Intel (NASDAQ:INTC) and Texas Instruments (NASDAQ:TXN) are very different chipmakers. Intel mainly sells CPUs for PCs and data centers, while TI produces cheaper analog and embedded chips for a wide variety of industries. Yet Intel has risen just 7% in 2016 -- underperforming the Philadelphia Semiconductor Index's 21% gain -- while TI outperformed the index with a 24% gain.
Will Intel continue lagging behind as TI keeps rising? Or does Intel, as a contrarian play, now have more upside potential than Texas Instruments? To find that answer, we should examine why TI rallied and why Intel slipped behind over the past year.
Why is Texas Instruments on fire?
On the surface, TI's growth doesn't look very exciting. Its revenue fell 0.4% last year, due to headwinds in personal electronics and wireless infrastructure, but is expected to rise 0.5% this year on the growth of its industrial and automotive businesses. Earnings rose 9% last year and are expected to grow another 12% this year.
However, the chipmaker has a strong track record of growing its margins. After abandoning the more competitive mobile application processor and baseband modem markets several years ago, TI pivoted toward the production of low-cost analog and embedded chips. Its recent production shift from 200-millimeter to 300-millimeter wafers also reduced its chip production costs by about 40%. The long-term impact on TI's gross margin over the past five years is easy to see:
Those rising margins generate stronger free cash flow, which has risen at a compound annual growth rate of 7% between 2004 and 2015. TI consistently returns around 100% of its free cash flow to shareholders via buybacks and dividends. It's reduced its total share count by 42% since 2004 and raised its dividend for 12 consecutive years. While TI's forward yield of 2.2% is lower than many other "mature tech" peers, its well-diversified business model, rising margins, and shareholder-friendly goals make it a fairly low-risk semiconductor play.
Why is Intel in trouble?
Intel's sales dipped 1% last year but are expected to rise 6% this year. Earnings rose less than 1% last year, but are expected to grow 11% this year. Five main factors throttled Intel's growth: weak PC sales, sluggish enterprise spending on data centers, falling prices of memory chips (which it sells through its non-volatile memory unit), poor progress in mobile chips, and its lackluster growth in the Internet of Things market.
Intel's top- and bottom-line numbers aren't terrible -- they're just mediocre. Its client computing (PC/mobile) group revenue fell 3% annually last quarter, while its data center revenue rose just 5%. That data center growth figure, which was partly blamed on weak sales in China, disappointed many investors, as Intel previously claimed that the unit could post 15% annual growth between 2015 and 2019.
Intel already controls about 99% of the data center chip market, making it tough for the business to continue growing if enterprise customers postpone chip upgrades. Meanwhile, rival chipmakers like Qualcomm, IBM, and NVIDIA are all looking for ways to dent Intel's market share with cheaper or more specialized server chips. Intel is trying to offset its weakness in PCs and data centers with sales of memory chips and IoT modules, but low margins in both markets have weighed down Intel's gross margins over the past year.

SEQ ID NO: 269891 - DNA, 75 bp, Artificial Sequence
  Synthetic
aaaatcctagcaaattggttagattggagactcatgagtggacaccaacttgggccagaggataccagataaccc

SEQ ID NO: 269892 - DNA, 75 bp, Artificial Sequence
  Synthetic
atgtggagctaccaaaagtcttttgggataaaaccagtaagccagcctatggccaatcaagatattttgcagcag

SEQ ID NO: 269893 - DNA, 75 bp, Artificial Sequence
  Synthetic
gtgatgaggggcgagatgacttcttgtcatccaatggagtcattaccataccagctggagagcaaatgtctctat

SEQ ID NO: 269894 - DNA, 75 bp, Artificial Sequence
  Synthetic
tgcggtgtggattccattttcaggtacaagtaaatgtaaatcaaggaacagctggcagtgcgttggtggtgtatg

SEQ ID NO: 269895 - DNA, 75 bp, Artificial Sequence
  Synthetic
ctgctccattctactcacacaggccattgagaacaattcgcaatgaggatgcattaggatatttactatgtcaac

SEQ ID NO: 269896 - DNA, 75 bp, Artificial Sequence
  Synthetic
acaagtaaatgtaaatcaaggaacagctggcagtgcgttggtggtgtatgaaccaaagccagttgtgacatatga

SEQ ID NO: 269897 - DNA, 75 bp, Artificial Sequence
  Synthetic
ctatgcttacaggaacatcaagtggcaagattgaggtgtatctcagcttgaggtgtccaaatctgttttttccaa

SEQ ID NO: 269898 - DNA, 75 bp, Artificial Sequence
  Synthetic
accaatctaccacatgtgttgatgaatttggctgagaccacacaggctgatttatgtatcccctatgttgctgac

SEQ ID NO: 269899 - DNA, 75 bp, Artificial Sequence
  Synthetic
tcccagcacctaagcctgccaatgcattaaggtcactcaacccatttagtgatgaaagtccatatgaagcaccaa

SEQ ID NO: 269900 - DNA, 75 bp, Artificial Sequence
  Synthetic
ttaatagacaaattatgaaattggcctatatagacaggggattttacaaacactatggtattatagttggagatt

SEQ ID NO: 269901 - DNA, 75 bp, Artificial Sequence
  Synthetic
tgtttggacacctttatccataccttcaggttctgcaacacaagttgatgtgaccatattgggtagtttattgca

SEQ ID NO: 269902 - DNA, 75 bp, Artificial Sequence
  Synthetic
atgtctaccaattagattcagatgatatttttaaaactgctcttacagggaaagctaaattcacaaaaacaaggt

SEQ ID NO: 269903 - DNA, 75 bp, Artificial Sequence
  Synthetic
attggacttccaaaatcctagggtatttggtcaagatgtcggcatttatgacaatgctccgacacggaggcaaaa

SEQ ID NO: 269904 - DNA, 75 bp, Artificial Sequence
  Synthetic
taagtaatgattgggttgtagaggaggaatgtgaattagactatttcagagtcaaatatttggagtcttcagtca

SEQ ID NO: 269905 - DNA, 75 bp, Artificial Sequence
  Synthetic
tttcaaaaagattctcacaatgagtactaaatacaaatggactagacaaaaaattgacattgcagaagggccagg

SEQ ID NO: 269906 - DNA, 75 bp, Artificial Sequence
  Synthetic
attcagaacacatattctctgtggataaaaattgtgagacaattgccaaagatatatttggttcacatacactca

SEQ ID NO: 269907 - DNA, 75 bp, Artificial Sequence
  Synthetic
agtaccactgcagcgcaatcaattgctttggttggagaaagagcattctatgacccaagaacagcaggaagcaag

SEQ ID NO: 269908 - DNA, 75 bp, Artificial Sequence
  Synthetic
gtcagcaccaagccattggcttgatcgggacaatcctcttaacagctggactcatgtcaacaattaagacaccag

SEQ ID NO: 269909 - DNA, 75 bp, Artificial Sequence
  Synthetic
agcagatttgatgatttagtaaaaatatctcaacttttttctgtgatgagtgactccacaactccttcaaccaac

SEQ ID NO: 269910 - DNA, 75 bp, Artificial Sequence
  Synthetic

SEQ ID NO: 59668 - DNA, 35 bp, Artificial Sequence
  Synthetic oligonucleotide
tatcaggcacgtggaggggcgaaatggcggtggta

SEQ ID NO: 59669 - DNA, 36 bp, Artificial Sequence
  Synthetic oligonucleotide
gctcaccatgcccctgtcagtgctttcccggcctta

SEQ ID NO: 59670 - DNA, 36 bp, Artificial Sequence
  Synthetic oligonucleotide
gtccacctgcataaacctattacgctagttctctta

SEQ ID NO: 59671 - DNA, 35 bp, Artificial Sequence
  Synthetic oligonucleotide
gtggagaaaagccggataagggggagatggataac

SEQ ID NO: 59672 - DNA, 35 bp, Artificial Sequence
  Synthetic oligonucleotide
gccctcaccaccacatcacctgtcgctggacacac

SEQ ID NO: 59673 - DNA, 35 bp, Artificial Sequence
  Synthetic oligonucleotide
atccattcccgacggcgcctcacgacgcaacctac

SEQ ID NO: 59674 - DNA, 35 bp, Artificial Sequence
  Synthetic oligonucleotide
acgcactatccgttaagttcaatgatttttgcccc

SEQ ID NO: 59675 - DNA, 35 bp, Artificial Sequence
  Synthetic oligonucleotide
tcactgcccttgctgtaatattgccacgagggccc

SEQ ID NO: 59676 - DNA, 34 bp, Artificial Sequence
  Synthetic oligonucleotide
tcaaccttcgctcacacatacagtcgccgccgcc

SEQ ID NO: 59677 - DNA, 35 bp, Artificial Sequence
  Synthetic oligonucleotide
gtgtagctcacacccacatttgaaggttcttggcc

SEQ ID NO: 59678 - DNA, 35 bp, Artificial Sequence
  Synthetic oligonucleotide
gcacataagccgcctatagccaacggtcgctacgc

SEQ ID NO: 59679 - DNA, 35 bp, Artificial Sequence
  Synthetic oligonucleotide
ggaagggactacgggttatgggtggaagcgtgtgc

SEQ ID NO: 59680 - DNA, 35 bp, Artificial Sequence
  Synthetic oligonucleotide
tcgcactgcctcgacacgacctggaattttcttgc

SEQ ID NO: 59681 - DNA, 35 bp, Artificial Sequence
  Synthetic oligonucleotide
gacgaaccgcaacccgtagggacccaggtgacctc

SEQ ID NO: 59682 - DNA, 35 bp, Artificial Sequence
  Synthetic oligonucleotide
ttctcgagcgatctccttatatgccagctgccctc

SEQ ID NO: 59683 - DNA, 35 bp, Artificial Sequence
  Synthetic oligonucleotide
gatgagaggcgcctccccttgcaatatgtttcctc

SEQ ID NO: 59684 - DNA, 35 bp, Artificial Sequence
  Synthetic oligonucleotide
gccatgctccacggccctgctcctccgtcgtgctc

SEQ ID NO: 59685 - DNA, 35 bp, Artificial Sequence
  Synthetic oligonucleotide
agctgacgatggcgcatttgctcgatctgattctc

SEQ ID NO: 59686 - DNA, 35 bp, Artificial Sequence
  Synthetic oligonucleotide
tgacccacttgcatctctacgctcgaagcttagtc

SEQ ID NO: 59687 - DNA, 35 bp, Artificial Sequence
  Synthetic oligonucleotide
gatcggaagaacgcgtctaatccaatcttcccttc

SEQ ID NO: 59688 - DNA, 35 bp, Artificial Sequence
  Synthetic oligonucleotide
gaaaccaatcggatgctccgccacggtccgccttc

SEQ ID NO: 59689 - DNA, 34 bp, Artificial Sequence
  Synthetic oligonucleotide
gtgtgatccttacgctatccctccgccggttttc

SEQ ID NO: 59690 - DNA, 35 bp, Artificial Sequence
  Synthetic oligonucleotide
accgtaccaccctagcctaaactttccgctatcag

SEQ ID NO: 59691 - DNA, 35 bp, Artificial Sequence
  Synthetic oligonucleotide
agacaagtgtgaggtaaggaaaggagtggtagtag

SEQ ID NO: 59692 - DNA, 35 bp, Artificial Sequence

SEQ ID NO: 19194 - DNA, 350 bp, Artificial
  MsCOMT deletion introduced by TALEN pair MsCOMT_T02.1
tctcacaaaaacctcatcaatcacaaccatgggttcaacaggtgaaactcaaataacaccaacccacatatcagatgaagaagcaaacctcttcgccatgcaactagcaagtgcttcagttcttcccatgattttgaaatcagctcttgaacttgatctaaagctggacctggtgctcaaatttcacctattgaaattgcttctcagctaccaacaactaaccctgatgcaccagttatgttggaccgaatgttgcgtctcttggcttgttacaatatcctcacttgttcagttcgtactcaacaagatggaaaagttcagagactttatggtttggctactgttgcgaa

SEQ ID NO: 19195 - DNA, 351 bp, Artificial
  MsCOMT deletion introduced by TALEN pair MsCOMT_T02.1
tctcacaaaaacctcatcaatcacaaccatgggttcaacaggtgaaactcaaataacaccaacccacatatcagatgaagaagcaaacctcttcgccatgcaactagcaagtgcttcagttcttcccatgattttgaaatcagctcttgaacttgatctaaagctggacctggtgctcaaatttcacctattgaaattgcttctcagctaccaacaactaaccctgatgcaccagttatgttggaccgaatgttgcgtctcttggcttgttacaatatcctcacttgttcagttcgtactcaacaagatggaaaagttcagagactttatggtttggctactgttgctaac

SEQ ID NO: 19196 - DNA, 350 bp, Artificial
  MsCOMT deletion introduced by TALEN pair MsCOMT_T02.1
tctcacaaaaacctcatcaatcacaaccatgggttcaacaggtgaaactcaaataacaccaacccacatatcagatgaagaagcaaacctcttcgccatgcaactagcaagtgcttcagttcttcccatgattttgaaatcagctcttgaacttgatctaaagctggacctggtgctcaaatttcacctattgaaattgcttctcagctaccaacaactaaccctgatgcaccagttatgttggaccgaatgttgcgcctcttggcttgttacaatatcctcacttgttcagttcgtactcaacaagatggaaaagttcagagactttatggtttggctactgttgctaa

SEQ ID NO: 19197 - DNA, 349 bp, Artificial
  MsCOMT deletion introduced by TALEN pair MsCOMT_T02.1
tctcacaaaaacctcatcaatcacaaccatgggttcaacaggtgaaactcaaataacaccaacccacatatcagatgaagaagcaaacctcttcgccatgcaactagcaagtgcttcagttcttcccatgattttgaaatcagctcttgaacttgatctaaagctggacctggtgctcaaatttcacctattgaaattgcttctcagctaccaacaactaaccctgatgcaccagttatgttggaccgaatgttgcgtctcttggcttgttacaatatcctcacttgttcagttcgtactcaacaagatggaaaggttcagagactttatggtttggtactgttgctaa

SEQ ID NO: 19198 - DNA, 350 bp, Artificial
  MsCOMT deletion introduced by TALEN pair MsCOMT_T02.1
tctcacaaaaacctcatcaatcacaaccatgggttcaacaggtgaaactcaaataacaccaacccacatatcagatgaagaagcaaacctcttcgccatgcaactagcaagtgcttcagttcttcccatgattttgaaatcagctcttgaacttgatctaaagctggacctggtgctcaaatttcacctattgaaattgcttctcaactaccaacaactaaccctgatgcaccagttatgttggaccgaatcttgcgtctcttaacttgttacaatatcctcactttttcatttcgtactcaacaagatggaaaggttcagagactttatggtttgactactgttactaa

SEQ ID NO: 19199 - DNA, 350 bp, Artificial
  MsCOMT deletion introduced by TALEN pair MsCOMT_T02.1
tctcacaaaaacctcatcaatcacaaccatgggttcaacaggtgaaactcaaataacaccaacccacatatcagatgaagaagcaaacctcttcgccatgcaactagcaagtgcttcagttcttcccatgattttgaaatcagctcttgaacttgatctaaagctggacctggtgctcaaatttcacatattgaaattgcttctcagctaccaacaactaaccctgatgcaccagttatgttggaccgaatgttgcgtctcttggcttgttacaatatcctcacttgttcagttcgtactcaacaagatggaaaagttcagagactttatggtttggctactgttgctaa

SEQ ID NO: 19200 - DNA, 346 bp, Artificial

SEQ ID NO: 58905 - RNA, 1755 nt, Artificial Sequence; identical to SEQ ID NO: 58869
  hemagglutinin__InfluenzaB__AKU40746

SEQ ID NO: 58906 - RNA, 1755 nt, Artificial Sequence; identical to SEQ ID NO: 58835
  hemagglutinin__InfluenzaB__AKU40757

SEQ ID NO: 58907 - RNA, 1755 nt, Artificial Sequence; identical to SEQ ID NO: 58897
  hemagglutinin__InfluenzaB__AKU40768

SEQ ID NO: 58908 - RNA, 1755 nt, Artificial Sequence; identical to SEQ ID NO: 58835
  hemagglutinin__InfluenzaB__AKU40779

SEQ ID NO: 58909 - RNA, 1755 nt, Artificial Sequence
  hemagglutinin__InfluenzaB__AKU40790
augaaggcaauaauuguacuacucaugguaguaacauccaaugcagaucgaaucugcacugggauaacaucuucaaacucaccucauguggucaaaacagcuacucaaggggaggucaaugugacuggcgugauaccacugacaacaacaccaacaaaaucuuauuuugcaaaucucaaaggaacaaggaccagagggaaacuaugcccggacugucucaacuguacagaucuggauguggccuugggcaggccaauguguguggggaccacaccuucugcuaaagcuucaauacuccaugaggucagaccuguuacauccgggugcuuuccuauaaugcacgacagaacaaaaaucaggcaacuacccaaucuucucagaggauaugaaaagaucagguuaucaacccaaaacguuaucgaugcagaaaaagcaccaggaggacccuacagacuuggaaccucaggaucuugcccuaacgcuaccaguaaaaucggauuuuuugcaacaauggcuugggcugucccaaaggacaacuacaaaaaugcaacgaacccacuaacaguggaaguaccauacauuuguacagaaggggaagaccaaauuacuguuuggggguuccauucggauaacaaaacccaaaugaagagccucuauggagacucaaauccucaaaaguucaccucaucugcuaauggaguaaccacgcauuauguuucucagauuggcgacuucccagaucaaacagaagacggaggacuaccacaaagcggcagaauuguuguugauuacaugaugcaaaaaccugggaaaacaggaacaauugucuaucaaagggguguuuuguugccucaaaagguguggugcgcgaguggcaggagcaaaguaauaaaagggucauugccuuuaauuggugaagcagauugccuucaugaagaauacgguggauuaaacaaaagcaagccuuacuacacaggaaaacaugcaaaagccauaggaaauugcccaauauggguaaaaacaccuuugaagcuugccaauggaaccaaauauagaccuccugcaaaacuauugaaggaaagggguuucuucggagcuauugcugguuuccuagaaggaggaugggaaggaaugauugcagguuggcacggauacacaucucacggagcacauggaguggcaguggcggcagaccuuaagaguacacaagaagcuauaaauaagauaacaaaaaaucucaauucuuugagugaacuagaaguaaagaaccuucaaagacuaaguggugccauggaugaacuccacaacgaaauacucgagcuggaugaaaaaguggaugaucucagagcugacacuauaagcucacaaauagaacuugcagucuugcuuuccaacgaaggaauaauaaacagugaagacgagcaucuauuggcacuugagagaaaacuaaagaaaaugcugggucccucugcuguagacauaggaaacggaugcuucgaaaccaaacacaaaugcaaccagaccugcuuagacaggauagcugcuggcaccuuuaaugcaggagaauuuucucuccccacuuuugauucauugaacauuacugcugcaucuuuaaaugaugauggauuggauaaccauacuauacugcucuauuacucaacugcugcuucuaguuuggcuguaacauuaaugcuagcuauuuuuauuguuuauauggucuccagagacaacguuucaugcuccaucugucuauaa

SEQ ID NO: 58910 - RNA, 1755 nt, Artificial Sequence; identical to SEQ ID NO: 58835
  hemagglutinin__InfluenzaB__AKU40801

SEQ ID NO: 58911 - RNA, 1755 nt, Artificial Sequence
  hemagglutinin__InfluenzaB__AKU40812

Like TI, Intel is a fairly shareholder-friendly company. Over the past 12 months, it spent 23% of its free cash flow on buybacks and 40% on dividends. It's reduced its share count by 18% over the past decade, and it pays a forward yield of 2.8%. But unlike TI, Intel doesn't have a habit of raising its dividend every four quarters.
Which chipmaker is a better buy today?
Texas Instruments currently trades at 23 times earnings, which is higher than Intel's P/E of 18 and the industry average of 22 for broad line semiconductor companies.
Analysts expect TI's earnings to grow 10% annually over the next five years, which gives it a five-year PEG ratio of 2.3. Since a PEG ratio under 1 is considered cheap, TI doesn't look undervalued relative to its long-term earnings growth potential. Intel is also expected to grow its annual earnings by 10% during that period, but its lower P/E ratio gives it a cheaper PEG ratio of 1.5.
Based on those figures, Intel is the cheaper stock with a higher dividend. Therefore, while I believe TI is still a solid long-term investment for conservative investors, Intel looks like it has more upside potential from current prices. However, that growth will depend heavily on the recovery of the PC market, its ability to continue growing its data center business, recovering memory prices, and its expansions into adjacent markets.
Leo Sun owns shares of Qualcomm. The Motley Fool owns shares of and recommends NVIDIA and Qualcomm. The Motley Fool recommends Intel. Try any of our Foolish newsletter services free for 30 days. We Fools may not all hold the same opinions, but we all believe that considering a diverse range of insights makes us better investors. The Motley Fool has a disclosure policy.